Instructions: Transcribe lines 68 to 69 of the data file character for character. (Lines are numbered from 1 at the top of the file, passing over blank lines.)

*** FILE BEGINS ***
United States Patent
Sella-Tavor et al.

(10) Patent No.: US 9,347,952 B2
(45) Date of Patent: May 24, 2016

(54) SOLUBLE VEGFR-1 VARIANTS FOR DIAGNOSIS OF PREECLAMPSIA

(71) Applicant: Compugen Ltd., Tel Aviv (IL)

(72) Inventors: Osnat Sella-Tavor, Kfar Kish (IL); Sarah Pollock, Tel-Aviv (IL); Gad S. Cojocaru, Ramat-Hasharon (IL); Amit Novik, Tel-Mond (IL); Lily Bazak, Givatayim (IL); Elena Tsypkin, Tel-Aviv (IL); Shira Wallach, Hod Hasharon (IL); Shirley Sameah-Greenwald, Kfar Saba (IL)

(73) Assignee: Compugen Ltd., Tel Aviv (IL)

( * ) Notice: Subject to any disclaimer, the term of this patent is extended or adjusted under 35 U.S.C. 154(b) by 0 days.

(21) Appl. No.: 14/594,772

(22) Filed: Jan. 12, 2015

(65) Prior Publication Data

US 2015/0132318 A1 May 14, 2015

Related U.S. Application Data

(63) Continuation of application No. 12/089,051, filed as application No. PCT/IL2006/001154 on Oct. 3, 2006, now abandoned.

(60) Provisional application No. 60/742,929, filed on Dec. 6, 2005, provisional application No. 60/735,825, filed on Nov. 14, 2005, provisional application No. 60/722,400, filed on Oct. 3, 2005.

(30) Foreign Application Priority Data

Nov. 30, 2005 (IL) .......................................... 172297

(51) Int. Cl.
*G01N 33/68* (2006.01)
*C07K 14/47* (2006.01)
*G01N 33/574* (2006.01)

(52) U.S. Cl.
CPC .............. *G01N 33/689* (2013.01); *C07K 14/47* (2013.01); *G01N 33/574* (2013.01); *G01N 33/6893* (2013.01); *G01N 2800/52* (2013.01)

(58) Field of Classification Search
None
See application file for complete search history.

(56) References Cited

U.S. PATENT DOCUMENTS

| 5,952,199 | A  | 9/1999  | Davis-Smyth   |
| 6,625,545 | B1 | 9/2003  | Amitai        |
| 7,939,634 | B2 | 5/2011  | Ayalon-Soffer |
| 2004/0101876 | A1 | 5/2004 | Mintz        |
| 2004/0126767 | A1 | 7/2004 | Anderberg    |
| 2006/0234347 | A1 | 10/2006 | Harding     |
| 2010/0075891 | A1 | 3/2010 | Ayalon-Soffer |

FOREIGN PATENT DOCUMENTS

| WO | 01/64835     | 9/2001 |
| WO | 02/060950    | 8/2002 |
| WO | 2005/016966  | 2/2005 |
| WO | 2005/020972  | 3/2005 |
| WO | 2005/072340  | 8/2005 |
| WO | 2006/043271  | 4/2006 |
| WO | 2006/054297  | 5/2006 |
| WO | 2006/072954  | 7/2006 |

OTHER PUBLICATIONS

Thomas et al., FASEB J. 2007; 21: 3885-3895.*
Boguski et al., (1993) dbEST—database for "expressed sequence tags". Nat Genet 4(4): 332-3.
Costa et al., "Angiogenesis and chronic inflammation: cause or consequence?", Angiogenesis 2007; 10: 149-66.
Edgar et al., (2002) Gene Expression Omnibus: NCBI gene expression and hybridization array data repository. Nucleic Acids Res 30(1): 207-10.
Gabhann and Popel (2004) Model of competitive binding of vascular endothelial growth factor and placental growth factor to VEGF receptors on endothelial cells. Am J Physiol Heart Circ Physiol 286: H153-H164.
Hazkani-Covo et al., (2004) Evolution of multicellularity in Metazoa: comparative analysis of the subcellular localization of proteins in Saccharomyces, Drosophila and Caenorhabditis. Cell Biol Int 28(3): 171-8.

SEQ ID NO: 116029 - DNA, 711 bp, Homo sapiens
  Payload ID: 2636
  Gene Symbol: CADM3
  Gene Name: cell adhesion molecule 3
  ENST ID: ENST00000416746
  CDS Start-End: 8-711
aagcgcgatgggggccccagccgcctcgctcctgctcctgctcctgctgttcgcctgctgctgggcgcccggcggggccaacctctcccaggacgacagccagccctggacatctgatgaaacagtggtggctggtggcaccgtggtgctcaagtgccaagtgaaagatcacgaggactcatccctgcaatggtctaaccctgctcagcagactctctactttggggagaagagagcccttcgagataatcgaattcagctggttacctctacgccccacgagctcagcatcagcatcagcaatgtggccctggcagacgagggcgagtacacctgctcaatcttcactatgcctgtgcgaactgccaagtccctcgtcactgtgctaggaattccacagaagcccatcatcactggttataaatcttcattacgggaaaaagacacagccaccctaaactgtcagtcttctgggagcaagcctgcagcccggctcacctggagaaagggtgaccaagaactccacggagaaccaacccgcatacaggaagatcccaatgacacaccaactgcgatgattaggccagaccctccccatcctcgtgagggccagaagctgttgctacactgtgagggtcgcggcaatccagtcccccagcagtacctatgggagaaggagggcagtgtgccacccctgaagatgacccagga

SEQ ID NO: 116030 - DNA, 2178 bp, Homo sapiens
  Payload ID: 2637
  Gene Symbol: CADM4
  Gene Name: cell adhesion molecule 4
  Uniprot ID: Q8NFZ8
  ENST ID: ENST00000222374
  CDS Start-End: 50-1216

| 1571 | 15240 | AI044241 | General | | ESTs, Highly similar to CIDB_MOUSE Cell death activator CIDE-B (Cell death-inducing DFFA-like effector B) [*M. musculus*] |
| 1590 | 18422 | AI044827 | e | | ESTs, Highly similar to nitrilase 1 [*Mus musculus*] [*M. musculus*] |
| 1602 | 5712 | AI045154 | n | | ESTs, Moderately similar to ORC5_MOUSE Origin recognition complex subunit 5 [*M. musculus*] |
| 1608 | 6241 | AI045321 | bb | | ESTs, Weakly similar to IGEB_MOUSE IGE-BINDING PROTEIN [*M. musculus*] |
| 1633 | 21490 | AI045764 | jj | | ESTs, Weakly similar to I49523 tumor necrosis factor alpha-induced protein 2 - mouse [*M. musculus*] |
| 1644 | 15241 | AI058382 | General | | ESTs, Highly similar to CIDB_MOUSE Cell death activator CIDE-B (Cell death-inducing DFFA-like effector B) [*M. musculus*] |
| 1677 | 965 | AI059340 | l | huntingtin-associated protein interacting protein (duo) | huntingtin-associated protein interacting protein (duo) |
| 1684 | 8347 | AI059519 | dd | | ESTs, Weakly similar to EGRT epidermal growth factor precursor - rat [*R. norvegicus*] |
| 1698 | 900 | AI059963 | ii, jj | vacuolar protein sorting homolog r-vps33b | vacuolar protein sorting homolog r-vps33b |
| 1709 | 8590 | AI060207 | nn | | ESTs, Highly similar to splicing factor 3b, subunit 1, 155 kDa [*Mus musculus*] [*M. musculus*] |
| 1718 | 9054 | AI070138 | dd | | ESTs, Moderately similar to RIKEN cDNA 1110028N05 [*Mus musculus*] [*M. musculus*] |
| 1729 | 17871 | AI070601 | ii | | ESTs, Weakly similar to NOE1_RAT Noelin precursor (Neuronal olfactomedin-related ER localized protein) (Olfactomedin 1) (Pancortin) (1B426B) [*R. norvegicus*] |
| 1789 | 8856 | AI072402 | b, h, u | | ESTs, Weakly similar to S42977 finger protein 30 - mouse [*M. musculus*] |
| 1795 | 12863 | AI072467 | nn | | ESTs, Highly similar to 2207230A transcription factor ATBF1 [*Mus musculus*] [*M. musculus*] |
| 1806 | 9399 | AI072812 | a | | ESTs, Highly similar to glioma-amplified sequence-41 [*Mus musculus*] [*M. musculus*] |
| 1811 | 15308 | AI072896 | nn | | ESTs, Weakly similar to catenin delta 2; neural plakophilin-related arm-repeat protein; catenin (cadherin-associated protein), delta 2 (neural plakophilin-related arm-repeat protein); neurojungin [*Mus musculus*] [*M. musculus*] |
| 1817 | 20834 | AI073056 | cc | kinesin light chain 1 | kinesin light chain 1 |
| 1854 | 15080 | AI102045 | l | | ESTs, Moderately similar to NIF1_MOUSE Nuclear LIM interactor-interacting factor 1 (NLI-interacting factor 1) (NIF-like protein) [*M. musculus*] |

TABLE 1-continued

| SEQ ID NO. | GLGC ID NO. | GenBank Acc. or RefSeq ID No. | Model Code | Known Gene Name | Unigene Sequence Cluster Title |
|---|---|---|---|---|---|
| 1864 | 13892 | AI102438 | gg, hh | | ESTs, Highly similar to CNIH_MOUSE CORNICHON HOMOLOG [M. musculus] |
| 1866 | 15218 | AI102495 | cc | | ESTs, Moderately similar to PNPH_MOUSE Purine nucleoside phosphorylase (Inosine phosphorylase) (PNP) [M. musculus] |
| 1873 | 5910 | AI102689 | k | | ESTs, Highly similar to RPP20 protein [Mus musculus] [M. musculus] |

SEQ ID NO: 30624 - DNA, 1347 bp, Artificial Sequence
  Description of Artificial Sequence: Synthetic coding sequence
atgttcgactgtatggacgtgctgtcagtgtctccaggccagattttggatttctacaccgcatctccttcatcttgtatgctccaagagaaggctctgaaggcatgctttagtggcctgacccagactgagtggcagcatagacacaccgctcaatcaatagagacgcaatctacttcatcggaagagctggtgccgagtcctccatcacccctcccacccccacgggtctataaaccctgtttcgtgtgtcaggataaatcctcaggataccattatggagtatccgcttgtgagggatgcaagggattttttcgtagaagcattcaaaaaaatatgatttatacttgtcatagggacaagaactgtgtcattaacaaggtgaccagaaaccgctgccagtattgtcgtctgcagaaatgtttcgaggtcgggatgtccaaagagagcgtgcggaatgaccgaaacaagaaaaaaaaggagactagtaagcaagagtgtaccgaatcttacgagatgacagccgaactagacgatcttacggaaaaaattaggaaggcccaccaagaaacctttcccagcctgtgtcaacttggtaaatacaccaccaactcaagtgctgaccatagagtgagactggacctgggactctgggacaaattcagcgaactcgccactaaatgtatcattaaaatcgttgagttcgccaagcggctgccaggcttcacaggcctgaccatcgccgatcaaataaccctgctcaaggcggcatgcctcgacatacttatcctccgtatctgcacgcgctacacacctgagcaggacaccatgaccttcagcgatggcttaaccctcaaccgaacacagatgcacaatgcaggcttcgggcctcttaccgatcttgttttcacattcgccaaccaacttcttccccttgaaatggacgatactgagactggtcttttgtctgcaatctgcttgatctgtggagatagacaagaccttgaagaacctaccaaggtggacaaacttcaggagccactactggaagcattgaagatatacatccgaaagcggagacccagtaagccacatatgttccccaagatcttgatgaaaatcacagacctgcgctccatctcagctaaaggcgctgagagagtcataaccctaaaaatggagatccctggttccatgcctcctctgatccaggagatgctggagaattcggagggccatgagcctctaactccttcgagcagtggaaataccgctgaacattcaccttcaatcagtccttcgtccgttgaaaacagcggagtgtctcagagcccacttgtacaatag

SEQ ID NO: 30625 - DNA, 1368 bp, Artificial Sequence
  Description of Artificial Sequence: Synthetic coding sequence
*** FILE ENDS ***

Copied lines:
| 1590 | 18422 | AI044827 | e | | ESTs, Highly similar to nitrilase 1 [*Mus musculus*] [*M. musculus*] |
| 1602 | 5712 | AI045154 | n | | ESTs, Moderately similar to ORC5_MOUSE Origin recognition complex subunit 5 [*M. musculus*] |